With increasing deployment of data-driven and learning-based approaches in safety-critical control systems, it is increasingly important to ensure safety of these approaches. I will discuss our proposed framework to safe exploration and learning in an optimization problem. This framework helps understand fundamental challenges in safe learning. I will illustrate our solution approach on control problems and discuss open directions.

Claire Tomlin

TITLE:  Safe Learning in Robotics

ABSTRACT:

I will discuss how model-based reachability tools and real-time data may be combined to achieve learning with safety guarantees.  Then I will discuss cases which don't fall into this framework, like learning-based perception in navigation, and how we might move towards developing assurances of safety in these cases.

Christina Selby, Paul Wood, Jaime A. Arribas Starkey-El, Tamim Sookoor

TITLE:  Estimating the Confidence of RL-based Controllers

ABSTRACT:

Deep Reinforcement Learning (RL) algorithms are emerging as candidates for controllers in complex real-time systems such as traffic light management infrastructures. These algorithms can suffer failures due to over and under fitting and extrapolations to regions of operation that were not part of the training data. The Simplex architecture, an approach that switches between a high-performance complex controller and a simpler verifiable controller, is widely used to ensure the safe operation of fault-tolerant systems. When the complex controller is RL based, the decision module switching between the two controllers need to know when to switch over to
the simpler controller. In order to aid in this decision, we developed a Safety Controller Indicator Score that combines a confidence estimate with an impact score to inform the decision module that the RL agent is degraded, enabling safer system operations.

Draguna Vrabie

TITLE:  Differentiable Predictive Control

ABSTRACT:

I will introduce differentiable predictive control, a data driven predictive control approach that uses physics-informed deep learning representations for modeling unknown dynamic systems and synthesizing control policies. Differentiable Predictive Control presents an approximate data-driven solution approach to the explicit Model Predictive Control problem as a scalable alternative to multiparametric programming solvers. The optimization of the neural control policy is based on automatic differentiation of the MPC-inspired loss function through a differentiable closed-loop system model. This approach can optimize adaptive neural control policies for time-varying references while satisfying state and input constraints without the prior need of an MPC controller. I will illustrate the methodology through some application examples pertaining to energy efficient buildings.

Aaron Ames

TITLE:  Learning for Safety-Critical Control

ABSTRACT:

Safety is critical on a wide variety of dynamic robotic systems.  Yet, when deploying controllers that have guarantees of safety on these systems, uncertainties in the model and environment can violate these guarantees in practice.    This talk will approach safety-critical control from the perspective of control barrier functions (CBFs)- describing the basic theory and existing applications of this optimization-based control methodology.  To enable guarantees on CBF controllers realized in practice, we will present an approach that fuses learning with CBFs.  Experimental results on robotic systems will be used to illustrate the approach.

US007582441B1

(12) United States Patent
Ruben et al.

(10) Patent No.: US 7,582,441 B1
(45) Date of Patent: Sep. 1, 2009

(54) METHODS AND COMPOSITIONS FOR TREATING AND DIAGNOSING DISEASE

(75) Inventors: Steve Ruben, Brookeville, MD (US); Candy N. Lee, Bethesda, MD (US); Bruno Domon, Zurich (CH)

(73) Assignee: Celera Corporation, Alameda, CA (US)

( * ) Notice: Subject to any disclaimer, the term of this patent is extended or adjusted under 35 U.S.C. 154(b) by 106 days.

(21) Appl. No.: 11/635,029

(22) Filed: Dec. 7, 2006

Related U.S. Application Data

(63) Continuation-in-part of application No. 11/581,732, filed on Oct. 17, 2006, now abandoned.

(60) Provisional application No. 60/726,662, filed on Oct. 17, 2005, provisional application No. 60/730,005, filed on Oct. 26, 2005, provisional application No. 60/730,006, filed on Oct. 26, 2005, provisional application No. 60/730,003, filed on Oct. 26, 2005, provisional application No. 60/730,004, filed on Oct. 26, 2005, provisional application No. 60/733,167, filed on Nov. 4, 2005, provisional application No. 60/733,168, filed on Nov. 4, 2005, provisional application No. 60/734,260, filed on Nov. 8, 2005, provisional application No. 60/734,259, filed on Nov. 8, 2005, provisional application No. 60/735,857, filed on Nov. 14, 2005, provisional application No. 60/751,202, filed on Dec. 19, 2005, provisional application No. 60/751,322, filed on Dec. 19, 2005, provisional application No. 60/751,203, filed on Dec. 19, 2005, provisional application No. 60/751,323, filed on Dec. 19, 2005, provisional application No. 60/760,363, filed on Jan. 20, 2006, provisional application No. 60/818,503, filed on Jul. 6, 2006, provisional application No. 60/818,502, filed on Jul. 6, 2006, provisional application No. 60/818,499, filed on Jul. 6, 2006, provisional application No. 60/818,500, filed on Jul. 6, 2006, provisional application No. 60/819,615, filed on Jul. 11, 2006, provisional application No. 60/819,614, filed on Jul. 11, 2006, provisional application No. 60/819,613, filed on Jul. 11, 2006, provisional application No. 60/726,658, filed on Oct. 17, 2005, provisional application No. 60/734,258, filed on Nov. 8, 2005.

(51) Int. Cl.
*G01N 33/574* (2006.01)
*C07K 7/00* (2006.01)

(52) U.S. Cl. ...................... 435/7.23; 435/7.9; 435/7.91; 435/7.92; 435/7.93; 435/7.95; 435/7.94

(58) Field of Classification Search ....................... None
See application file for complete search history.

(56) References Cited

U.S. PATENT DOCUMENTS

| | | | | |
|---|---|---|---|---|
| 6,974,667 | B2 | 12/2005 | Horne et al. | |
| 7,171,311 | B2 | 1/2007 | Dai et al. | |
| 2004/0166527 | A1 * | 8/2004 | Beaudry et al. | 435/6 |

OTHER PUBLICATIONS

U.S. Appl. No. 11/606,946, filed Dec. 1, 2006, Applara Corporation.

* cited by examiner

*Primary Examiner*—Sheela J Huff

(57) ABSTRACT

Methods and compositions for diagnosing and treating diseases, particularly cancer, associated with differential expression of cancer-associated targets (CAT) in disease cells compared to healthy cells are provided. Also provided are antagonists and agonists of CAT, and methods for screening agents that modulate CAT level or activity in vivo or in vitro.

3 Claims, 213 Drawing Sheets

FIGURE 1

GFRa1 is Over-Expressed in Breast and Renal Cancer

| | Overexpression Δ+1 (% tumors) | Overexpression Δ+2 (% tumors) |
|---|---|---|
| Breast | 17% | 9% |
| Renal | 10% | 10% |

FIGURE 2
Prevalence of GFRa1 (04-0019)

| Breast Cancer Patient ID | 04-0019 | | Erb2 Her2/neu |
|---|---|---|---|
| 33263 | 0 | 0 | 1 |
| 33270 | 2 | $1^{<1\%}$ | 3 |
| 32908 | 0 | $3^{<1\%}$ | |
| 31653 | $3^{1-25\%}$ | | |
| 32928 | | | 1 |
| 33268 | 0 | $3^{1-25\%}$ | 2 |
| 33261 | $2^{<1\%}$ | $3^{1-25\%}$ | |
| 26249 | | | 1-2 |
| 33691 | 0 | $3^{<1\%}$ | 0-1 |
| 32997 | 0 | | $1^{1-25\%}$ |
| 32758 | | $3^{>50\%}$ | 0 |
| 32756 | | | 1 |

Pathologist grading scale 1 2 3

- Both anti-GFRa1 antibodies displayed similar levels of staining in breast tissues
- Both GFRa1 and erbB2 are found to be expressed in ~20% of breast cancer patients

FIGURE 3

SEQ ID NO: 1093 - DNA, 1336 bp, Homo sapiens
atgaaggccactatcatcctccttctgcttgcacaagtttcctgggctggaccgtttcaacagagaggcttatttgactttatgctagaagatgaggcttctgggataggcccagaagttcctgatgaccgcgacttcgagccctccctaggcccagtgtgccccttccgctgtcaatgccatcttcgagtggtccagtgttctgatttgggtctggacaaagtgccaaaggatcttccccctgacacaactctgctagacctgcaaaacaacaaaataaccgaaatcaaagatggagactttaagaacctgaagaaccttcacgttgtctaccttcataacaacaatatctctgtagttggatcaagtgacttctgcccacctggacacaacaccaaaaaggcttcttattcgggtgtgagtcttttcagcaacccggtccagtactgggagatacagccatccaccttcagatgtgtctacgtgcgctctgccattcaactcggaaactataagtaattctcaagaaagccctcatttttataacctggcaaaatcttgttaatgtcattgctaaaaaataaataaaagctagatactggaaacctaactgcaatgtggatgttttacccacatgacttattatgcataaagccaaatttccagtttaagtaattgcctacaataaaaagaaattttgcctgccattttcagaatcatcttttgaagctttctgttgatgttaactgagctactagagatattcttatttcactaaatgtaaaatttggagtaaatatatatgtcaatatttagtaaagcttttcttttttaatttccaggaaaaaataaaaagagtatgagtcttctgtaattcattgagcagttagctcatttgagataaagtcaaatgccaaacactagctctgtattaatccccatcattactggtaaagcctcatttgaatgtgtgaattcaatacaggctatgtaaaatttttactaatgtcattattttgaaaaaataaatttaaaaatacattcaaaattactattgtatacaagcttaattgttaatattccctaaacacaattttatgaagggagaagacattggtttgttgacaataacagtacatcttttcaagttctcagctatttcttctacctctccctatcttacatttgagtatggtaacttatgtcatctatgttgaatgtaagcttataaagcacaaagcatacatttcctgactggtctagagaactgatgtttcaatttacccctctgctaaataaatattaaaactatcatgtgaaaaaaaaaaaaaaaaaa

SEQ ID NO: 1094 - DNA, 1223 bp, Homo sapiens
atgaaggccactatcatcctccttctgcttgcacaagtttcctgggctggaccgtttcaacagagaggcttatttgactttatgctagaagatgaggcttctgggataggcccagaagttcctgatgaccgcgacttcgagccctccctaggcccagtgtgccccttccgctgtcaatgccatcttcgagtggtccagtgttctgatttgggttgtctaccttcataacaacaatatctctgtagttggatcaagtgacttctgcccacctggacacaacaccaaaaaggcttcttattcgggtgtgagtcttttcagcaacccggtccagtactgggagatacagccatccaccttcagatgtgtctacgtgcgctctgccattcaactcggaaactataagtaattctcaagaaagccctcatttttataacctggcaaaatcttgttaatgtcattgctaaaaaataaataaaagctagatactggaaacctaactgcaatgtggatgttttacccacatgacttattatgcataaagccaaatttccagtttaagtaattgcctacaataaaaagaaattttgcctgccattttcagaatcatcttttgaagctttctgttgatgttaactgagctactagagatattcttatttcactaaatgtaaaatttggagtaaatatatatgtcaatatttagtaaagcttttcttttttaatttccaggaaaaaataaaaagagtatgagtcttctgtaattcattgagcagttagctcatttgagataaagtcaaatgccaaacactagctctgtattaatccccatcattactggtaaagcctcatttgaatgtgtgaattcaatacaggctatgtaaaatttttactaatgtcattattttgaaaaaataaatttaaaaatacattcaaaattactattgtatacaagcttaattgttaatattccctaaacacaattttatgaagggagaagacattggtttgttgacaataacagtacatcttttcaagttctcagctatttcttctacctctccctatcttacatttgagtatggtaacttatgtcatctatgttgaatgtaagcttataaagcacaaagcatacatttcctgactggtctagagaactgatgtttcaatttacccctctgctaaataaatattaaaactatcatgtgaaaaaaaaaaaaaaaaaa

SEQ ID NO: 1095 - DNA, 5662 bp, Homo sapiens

Ján Drgoňa, Elliott Skomski, Soumya Vasisht, Aaron Tuor, Draguna Vrabie

TITLE:  Stability Analysis of Deep Neural Dynamical Systems

ABSTRACT:

In this work, we analyze the eigenvalue spectra and stability of discrete-time dynamical systems modeled by deep neural networks. We leverage a characterization of deep neural networks as pointwise affine maps, representing network’s Jacobians, making them accessible to classical system analytic methods. As the paper’s main results, we provide necessary and sufficient conditions for local asymptotic stability of deep neural dynamical systems. Further, we identify links between the spectral properties of layer-wise weight parametrizations, different activation functions, and their effect on the overall network’s eigenvalue spectra. We analyze state-space dynamics, attractors, and eigenvalue spectra of neural dynamics s with varying weight initializations, activation functions, bias terms, and depths. The presented method can aid in the principled design of stable neural dynamics for modeling and optimal control.

Sayan Mitra

TITLE:  Interfaces for combining models and data for verification and synthesis

ABSTRACT:

Successes of deep learning and software 2.0 are shifting the interfaces for data and model usage in control design and verification. In this talk, I will discuss problem definitions from purely model-based approaches to more recent variations that allow the use of a combination of models and execution data. One of the findings is that adding model knowledge, such as symmetries, can help boost data-driven verification performance by a factor of 15x. Conversely, using learned abstractions from data, we can expand the reach of model-based verification and synthesis. These findings lead a new set of questions on data-efficiency and robustness in verification and synthesis problems.